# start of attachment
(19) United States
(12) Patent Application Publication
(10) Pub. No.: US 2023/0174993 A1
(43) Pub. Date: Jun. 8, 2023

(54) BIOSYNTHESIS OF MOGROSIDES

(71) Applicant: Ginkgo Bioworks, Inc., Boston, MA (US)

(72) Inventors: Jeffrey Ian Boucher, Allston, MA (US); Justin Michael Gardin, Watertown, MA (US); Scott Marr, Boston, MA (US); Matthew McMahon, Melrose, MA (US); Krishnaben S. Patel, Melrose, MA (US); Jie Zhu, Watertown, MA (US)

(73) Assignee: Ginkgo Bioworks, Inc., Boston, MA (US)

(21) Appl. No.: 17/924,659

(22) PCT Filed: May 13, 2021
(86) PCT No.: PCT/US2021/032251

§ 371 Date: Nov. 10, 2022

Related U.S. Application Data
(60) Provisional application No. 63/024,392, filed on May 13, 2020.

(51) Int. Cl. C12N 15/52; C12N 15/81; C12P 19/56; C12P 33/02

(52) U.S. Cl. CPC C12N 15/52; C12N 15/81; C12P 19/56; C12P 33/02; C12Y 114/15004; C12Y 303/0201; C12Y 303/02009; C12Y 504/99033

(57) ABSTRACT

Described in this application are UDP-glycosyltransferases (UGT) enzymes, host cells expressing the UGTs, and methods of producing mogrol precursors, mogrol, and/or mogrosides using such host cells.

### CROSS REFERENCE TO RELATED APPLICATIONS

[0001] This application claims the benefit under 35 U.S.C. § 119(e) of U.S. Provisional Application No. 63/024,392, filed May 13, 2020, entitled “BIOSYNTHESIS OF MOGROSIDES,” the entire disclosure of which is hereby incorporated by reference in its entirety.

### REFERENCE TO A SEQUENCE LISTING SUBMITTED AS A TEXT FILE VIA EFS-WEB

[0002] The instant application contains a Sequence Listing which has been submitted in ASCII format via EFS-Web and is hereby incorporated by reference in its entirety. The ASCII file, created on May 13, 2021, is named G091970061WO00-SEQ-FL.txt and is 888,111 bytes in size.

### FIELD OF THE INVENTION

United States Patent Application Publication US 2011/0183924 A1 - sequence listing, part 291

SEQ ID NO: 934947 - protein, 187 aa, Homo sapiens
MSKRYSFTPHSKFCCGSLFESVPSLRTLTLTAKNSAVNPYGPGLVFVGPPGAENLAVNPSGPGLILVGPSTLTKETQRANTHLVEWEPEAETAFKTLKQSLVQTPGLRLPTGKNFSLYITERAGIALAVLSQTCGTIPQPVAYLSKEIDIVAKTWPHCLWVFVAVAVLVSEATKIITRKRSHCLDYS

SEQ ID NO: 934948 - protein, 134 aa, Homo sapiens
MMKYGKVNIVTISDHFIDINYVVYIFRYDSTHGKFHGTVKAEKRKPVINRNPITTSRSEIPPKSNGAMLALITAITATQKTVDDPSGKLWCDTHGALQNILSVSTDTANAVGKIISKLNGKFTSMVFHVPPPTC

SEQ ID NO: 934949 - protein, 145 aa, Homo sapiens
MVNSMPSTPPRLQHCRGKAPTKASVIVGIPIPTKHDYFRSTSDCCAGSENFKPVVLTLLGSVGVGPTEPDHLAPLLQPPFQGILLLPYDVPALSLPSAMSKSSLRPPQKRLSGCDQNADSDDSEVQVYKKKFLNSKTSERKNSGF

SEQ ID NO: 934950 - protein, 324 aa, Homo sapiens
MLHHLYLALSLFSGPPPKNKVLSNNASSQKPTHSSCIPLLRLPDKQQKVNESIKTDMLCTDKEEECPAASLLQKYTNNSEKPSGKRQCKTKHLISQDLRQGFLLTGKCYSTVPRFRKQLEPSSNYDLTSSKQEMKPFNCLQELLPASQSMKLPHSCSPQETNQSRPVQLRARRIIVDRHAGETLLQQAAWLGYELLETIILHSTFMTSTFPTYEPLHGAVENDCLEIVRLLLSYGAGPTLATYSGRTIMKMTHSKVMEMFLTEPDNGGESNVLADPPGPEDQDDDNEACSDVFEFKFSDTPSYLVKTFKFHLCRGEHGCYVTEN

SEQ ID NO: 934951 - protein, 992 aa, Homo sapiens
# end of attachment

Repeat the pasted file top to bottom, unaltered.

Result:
(19) United States
(12) Patent Application Publication
(10) Pub. No.: US 2023/0174993 A1
(43) Pub. Date: Jun. 8, 2023

(54) BIOSYNTHESIS OF MOGROSIDES

(71) Applicant: Ginkgo Bioworks, Inc., Boston, MA (US)

(72) Inventors: Jeffrey Ian Boucher, Allston, MA (US); Justin Michael Gardin, Watertown, MA (US); Scott Marr, Boston, MA (US); Matthew McMahon, Melrose, MA (US); Krishnaben S. Patel, Melrose, MA (US); Jie Zhu, Watertown, MA (US)

(73) Assignee: Ginkgo Bioworks, Inc., Boston, MA (US)

(21) Appl. No.: 17/924,659

(22) PCT Filed: May 13, 2021
(86) PCT No.: PCT/US2021/032251

§ 371 Date: Nov. 10, 2022

Related U.S. Application Data
(60) Provisional application No. 63/024,392, filed on May 13, 2020.

(51) Int. Cl. C12N 15/52; C12N 15/81; C12P 19/56; C12P 33/02

(52) U.S. Cl. CPC C12N 15/52; C12N 15/81; C12P 19/56; C12P 33/02; C12Y 114/15004; C12Y 303/0201; C12Y 303/02009; C12Y 504/99033

(57) ABSTRACT

Described in this application are UDP-glycosyltransferases (UGT) enzymes, host cells expressing the UGTs, and methods of producing mogrol precursors, mogrol, and/or mogrosides using such host cells.

### CROSS REFERENCE TO RELATED APPLICATIONS

[0001] This application claims the benefit under 35 U.S.C. § 119(e) of U.S. Provisional Application No. 63/024,392, filed May 13, 2020, entitled “BIOSYNTHESIS OF MOGROSIDES,” the entire disclosure of which is hereby incorporated by reference in its entirety.

### REFERENCE TO A SEQUENCE LISTING SUBMITTED AS A TEXT FILE VIA EFS-WEB

[0002] The instant application contains a Sequence Listing which has been submitted in ASCII format via EFS-Web and is hereby incorporated by reference in its entirety. The ASCII file, created on May 13, 2021, is named G091970061WO00-SEQ-FL.txt and is 888,111 bytes in size.

### FIELD OF THE INVENTION

United States Patent Application Publication US 2011/0183924 A1 - sequence listing, part 291

SEQ ID NO: 934947 - protein, 187 aa, Homo sapiens
MSKRYSFTPHSKFCCGSLFESVPSLRTLTLTAKNSAVNPYGPGLVFVGPPGAENLAVNPSGPGLILVGPSTLTKETQRANTHLVEWEPEAETAFKTLKQSLVQTPGLRLPTGKNFSLYITERAGIALAVLSQTCGTIPQPVAYLSKEIDIVAKTWPHCLWVFVAVAVLVSEATKIITRKRSHCLDYS

SEQ ID NO: 934948 - protein, 134 aa, Homo sapiens
MMKYGKVNIVTISDHFIDINYVVYIFRYDSTHGKFHGTVKAEKRKPVINRNPITTSRSEIPPKSNGAMLALITAITATQKTVDDPSGKLWCDTHGALQNILSVSTDTANAVGKIISKLNGKFTSMVFHVPPPTC

SEQ ID NO: 934949 - protein, 145 aa, Homo sapiens
MVNSMPSTPPRLQHCRGKAPTKASVIVGIPIPTKHDYFRSTSDCCAGSENFKPVVLTLLGSVGVGPTEPDHLAPLLQPPFQGILLLPYDVPALSLPSAMSKSSLRPPQKRLSGCDQNADSDDSEVQVYKKKFLNSKTSERKNSGF

SEQ ID NO: 934950 - protein, 324 aa, Homo sapiens
MLHHLYLALSLFSGPPPKNKVLSNNASSQKPTHSSCIPLLRLPDKQQKVNESIKTDMLCTDKEEECPAASLLQKYTNNSEKPSGKRQCKTKHLISQDLRQGFLLTGKCYSTVPRFRKQLEPSSNYDLTSSKQEMKPFNCLQELLPASQSMKLPHSCSPQETNQSRPVQLRARRIIVDRHAGETLLQQAAWLGYELLETIILHSTFMTSTFPTYEPLHGAVENDCLEIVRLLLSYGAGPTLATYSGRTIMKMTHSKVMEMFLTEPDNGGESNVLADPPGPEDQDDDNEACSDVFEFKFSDTPSYLVKTFKFHLCRGEHGCYVTEN

SEQ ID NO: 934951 - protein, 992 aa, Homo sapiens